Words by Adam Moore.
Shoryuuuuu-ken!!! The year is 1996 and Dark Ryu is gearing up to obliterate me in an unstoppable, mathematical equation that only the PlayStation really understands. All I can do is watch the mesmerising combo lock me in and await my fate. The same feeling of giddy oblivion rises as I watch the Screensaver creep, crawl, push, signal; yield, flex, hold, stroke; reappear and reabsorb itself, in seemingly perfect symmetry, while observing a rhythm, scale and pace that traverses the granular to the grandiose.
The Screensaver Series by Janine Harrington is not dated or as simple as the title might suggest. Watching the all-female ensemble of six (including Harrington), is like watching an intelligent interplanetary, serpentine lifeform mechanically glide through outer space to land blow after blow on the dorsolateral prefrontal cortex of my brain: it is mesmerising, and it packs a punch — K.O.!!!
The performers’ faces amidst the accumulating symmetrical tangents of their interlocking bodies are stoic and assured. Depth perception distorts as the Screensaver ploughs linear through the air. Faces become abstractions, stacking up, hovering over, bursting through unexpectedly, before vanishing just as quickly. Careful not to knock their heads, I wonder where six skulls nestle in all the motion, protected yet so mobile? The performers’ costumes retain a utilitarian quality within a composition of clashing, pretty patterns, reminiscent of Damien Hirst’s kaleidoscopic butterfly paintings, adding a playful uniformity to the dizzying aesthetic of Screensaver. The skin of the Screensaver is like the spacesuit that Yinka Shonibare’s Refugee Astronaut standing in stasis on the other side of the wall in the Wellcome Collection gallery.
There are some precarious moments in the dance. Weight bearing, strength and tension have their place as features of the choreography. You might sense or see slight glimpses of struggle, but negotiation and intuitive collaboration are foregrounded. I wonder about the coming elections. Politics is a machine, always moving, never stopping, with cold logic that never quite makes sense to me. At points of instability and tension, perhaps a series of inexplicable, granular motions could land us somewhere vastly different, better, maybe: a more connected, more nimble mass? Time will tell.
The sound running parallel to the choreography, reminiscent of Ryoji Ikeda’s Data Matrix, is rhythmically seductive, but warmer, soothing. Jamie Forth composes a neatly structured, improvised score, blanketing the space in modulating textures, coherently translating the choreography into the aural field. Waves, or perhaps wind, rushes in, filling the space as the dancers take off. Arms, legs, backs, hands; feet, fingers, torsos, heads. All behave in a strange geometry. Screensaver bathes the eyes, the ears, and boggles the mind.
Audio visually the Screensaver delights: the flower-power, brightly patterned, geometric prints; the diversity of the cast; the potentially limitless possibilities of movement, and the energy generated by gestures resonating in the sound, bathes the body and boggles the mind. Extremely satisfying is the attack and release – the throb of the work – punctuated by each dancers’ individual cadence. The rapid and well-timed gesticulations, occasionally rattled off in quick successive flurries by Rosalie Pearce Bell, are especially hypnotising. The ensemble simultaneously whirs into pulsing tentacular totems; just as easily, the dance concertina’s back in on itself, hovering just above the ground. The dancers pass efficiently over and under, creating the illusion of passing through.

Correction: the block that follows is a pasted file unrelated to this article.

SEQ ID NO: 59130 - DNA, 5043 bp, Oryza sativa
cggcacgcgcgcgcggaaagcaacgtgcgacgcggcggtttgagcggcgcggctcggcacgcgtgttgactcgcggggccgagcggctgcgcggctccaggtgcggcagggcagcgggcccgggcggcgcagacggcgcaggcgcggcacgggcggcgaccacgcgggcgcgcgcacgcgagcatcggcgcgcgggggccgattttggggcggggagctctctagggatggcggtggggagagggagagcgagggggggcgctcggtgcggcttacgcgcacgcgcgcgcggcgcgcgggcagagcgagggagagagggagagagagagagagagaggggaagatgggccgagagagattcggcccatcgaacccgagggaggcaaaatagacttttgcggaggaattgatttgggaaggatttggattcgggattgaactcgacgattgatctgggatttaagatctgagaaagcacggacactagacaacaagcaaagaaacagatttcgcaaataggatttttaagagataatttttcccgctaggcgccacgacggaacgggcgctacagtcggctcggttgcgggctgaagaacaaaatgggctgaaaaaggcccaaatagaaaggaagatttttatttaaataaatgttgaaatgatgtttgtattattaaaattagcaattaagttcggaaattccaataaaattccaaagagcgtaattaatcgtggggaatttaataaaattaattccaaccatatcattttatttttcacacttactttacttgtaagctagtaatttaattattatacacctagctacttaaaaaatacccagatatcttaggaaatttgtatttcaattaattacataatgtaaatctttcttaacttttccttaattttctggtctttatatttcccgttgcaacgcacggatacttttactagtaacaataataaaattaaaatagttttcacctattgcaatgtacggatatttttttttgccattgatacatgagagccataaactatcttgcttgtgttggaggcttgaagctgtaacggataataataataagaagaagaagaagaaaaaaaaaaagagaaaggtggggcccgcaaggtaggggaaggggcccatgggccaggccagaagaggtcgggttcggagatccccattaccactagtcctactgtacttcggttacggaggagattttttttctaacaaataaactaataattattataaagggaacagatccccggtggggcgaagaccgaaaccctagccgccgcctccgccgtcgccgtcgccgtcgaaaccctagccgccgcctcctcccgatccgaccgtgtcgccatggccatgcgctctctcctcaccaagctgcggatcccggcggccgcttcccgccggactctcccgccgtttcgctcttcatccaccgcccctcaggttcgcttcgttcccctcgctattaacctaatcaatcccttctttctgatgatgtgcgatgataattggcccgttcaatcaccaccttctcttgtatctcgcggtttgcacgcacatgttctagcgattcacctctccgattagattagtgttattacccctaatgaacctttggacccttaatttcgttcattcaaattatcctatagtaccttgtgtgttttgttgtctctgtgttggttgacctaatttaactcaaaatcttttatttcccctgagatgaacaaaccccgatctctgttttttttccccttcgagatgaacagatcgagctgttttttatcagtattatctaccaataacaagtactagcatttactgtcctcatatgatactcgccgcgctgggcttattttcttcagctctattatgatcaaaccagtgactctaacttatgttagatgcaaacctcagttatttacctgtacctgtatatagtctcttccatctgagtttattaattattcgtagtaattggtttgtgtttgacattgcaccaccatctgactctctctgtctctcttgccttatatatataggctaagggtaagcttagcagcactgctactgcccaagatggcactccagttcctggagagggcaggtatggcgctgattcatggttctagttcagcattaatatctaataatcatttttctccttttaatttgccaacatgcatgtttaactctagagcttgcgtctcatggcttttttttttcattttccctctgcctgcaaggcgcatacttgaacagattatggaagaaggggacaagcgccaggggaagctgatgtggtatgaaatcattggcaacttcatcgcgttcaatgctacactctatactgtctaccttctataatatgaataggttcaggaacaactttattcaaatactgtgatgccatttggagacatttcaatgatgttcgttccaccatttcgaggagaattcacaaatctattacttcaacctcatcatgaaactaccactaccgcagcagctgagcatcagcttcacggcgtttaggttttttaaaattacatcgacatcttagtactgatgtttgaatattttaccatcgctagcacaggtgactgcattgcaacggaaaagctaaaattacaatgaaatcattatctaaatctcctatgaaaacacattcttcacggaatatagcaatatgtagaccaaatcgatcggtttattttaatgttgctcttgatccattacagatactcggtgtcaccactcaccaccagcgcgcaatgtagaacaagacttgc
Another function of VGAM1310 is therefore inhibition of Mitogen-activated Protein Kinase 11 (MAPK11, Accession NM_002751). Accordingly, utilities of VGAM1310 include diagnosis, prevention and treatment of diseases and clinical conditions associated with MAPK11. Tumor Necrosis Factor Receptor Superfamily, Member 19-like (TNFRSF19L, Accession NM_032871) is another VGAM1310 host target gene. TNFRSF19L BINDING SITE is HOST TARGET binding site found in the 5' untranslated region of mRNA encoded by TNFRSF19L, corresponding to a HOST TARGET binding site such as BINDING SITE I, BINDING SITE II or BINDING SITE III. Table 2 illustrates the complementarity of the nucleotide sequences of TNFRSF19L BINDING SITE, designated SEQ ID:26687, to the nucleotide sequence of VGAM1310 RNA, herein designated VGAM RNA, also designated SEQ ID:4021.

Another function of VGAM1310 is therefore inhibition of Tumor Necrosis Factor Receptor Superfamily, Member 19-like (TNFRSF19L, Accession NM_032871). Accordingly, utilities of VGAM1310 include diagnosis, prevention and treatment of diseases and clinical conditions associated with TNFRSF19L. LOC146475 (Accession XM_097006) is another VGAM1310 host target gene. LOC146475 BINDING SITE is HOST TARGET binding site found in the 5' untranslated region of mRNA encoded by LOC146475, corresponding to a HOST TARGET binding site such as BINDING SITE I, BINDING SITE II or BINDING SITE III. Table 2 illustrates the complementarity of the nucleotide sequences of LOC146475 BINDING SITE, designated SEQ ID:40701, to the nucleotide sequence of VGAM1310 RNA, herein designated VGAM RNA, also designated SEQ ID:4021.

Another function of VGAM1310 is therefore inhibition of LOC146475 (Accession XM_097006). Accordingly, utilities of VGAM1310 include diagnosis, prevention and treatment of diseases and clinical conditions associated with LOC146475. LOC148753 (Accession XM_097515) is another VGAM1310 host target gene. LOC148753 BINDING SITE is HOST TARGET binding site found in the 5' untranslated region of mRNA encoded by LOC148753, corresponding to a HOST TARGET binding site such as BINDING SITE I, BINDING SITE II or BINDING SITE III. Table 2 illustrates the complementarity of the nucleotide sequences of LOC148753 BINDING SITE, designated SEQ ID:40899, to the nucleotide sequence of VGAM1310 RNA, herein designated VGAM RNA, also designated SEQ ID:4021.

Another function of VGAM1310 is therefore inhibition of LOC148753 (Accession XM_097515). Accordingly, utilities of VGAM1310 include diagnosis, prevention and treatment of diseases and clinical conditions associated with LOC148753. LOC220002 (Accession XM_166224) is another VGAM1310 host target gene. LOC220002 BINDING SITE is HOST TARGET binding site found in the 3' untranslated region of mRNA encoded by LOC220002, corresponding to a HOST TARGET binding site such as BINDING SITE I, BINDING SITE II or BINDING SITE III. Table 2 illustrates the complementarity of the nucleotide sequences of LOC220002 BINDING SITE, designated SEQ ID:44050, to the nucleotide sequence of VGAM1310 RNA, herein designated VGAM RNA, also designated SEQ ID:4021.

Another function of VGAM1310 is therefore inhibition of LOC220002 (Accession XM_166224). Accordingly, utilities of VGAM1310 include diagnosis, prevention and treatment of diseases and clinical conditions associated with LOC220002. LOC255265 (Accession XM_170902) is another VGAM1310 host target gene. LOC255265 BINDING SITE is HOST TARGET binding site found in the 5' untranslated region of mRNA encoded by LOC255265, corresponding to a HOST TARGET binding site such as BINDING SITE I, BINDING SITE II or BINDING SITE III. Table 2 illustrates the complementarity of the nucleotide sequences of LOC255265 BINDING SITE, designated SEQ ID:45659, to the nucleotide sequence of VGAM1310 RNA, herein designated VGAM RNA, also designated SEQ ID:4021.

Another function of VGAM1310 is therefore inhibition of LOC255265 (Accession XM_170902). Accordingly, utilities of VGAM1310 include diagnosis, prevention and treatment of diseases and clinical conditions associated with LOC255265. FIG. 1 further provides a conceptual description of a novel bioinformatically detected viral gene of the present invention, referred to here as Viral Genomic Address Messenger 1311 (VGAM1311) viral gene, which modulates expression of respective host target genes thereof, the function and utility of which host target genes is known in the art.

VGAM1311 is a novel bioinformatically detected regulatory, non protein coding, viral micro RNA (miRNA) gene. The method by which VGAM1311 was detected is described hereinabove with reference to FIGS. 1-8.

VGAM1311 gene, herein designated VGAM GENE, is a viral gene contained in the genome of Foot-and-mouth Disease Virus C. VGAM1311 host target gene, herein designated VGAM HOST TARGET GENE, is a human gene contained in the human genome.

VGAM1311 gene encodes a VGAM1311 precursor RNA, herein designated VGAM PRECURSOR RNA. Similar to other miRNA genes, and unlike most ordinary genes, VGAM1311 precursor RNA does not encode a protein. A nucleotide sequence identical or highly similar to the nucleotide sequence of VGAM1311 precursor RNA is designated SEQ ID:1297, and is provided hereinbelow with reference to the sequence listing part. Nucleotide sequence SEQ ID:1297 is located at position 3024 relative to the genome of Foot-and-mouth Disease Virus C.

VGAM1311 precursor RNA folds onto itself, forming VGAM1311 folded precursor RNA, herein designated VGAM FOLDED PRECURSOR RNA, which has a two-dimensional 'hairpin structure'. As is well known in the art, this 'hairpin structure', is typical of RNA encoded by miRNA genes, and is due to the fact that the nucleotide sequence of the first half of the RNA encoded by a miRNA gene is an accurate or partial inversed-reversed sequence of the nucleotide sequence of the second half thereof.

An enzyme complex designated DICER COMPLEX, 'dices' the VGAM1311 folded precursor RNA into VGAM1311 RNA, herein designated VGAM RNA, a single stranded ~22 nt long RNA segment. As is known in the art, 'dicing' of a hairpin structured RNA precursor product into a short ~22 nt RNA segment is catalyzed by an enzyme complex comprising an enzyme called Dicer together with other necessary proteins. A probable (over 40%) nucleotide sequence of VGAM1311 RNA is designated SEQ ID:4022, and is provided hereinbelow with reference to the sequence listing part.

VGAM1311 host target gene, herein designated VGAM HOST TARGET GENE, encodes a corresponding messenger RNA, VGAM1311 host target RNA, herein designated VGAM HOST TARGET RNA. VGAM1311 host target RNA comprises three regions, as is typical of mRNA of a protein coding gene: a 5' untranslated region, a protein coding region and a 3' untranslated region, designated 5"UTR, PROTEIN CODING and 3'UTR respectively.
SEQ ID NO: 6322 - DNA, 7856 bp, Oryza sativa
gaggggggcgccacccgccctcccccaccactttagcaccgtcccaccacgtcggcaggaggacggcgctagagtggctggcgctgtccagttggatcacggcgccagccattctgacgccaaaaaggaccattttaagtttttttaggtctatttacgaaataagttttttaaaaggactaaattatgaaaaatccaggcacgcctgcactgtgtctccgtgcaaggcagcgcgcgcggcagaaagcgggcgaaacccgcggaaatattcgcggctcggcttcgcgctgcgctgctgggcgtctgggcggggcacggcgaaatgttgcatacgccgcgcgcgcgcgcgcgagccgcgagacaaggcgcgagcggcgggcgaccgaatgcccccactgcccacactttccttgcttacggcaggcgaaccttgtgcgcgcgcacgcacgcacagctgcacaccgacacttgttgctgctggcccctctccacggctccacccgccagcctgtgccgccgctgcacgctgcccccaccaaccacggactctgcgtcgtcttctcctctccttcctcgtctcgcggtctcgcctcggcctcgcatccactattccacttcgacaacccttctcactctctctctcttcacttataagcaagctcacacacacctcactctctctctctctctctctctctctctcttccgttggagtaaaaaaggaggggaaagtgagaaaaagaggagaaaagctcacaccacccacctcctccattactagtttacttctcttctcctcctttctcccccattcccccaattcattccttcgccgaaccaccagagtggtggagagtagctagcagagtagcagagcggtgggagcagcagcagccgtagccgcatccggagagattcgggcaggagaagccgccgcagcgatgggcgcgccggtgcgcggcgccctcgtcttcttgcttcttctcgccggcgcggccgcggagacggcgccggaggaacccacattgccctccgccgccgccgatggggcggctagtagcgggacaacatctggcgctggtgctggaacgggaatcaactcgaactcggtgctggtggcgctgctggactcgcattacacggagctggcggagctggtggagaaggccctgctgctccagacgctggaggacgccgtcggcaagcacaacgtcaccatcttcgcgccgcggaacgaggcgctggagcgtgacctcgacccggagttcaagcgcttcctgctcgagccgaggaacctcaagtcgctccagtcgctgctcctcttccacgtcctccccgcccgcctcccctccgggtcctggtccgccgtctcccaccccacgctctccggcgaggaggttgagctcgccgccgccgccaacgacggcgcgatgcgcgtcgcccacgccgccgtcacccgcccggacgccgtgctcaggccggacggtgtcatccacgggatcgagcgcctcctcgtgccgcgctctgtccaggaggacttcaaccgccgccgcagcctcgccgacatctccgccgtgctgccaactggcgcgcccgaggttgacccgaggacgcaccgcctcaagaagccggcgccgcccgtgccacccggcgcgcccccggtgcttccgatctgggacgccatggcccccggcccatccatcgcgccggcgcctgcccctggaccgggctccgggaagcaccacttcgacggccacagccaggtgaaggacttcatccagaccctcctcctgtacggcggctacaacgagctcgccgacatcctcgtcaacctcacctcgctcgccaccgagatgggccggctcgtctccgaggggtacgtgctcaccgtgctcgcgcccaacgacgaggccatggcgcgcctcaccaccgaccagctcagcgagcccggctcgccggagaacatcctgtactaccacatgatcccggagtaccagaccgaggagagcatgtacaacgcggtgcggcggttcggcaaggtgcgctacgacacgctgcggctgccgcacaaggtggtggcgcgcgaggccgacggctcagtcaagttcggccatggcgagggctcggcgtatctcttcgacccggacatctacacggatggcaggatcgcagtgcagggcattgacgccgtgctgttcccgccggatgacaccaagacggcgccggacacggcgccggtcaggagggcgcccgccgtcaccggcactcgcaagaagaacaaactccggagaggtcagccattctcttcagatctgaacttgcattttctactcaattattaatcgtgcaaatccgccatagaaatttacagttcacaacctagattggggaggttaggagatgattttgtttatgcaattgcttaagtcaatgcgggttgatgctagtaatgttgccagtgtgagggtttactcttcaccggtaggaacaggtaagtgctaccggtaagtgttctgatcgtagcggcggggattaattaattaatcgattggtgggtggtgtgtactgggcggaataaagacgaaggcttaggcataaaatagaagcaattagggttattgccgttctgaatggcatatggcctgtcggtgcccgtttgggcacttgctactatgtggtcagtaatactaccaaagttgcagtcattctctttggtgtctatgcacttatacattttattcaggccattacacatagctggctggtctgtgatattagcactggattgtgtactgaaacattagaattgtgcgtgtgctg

In Ian McEwan’s short story Solid Geometry, a successful ad-executive stumbles upon curious discovery. Folding a piece of paper along certain vectors and in certain planes, in such a way that it disappears, Phil uses this same technique when making love to his wife, Maisie, who vanishes. We never learn where. Harrington’s Screensaver feels like the inverse: seemingly from nowhere something hidden powerfully manifests.
The strength of this work lies in the level of invention accrued by the ensemble and their ability to focus their attention on allowing their awareness to shift between individual and collective symmetries, and express these through sustained, skilled embodiment, for the duration of the performance. This strength is refracted through sound and amplified through costume design. Positioning the work centrally and inviting audiences to move during the performance, presented audiences with a 360-degree locus around the performance, heightening the queer and beautiful gravity emanating from the centre of the mass of bodies — it was also a welcome gesture that supported a democratic negotiation of viewing space that helped to see the work more clearly.
Harmoniously balancing sound, choreography, and the spatial relations of a softly shifting satellite audience, the link between screensavers and idle time quickly becomes obsolete: The Screensaver Series explodes all the neuroaesthetic boxes, with cushions scattered around to soften the blows.
Images: Roswitha Chesher.
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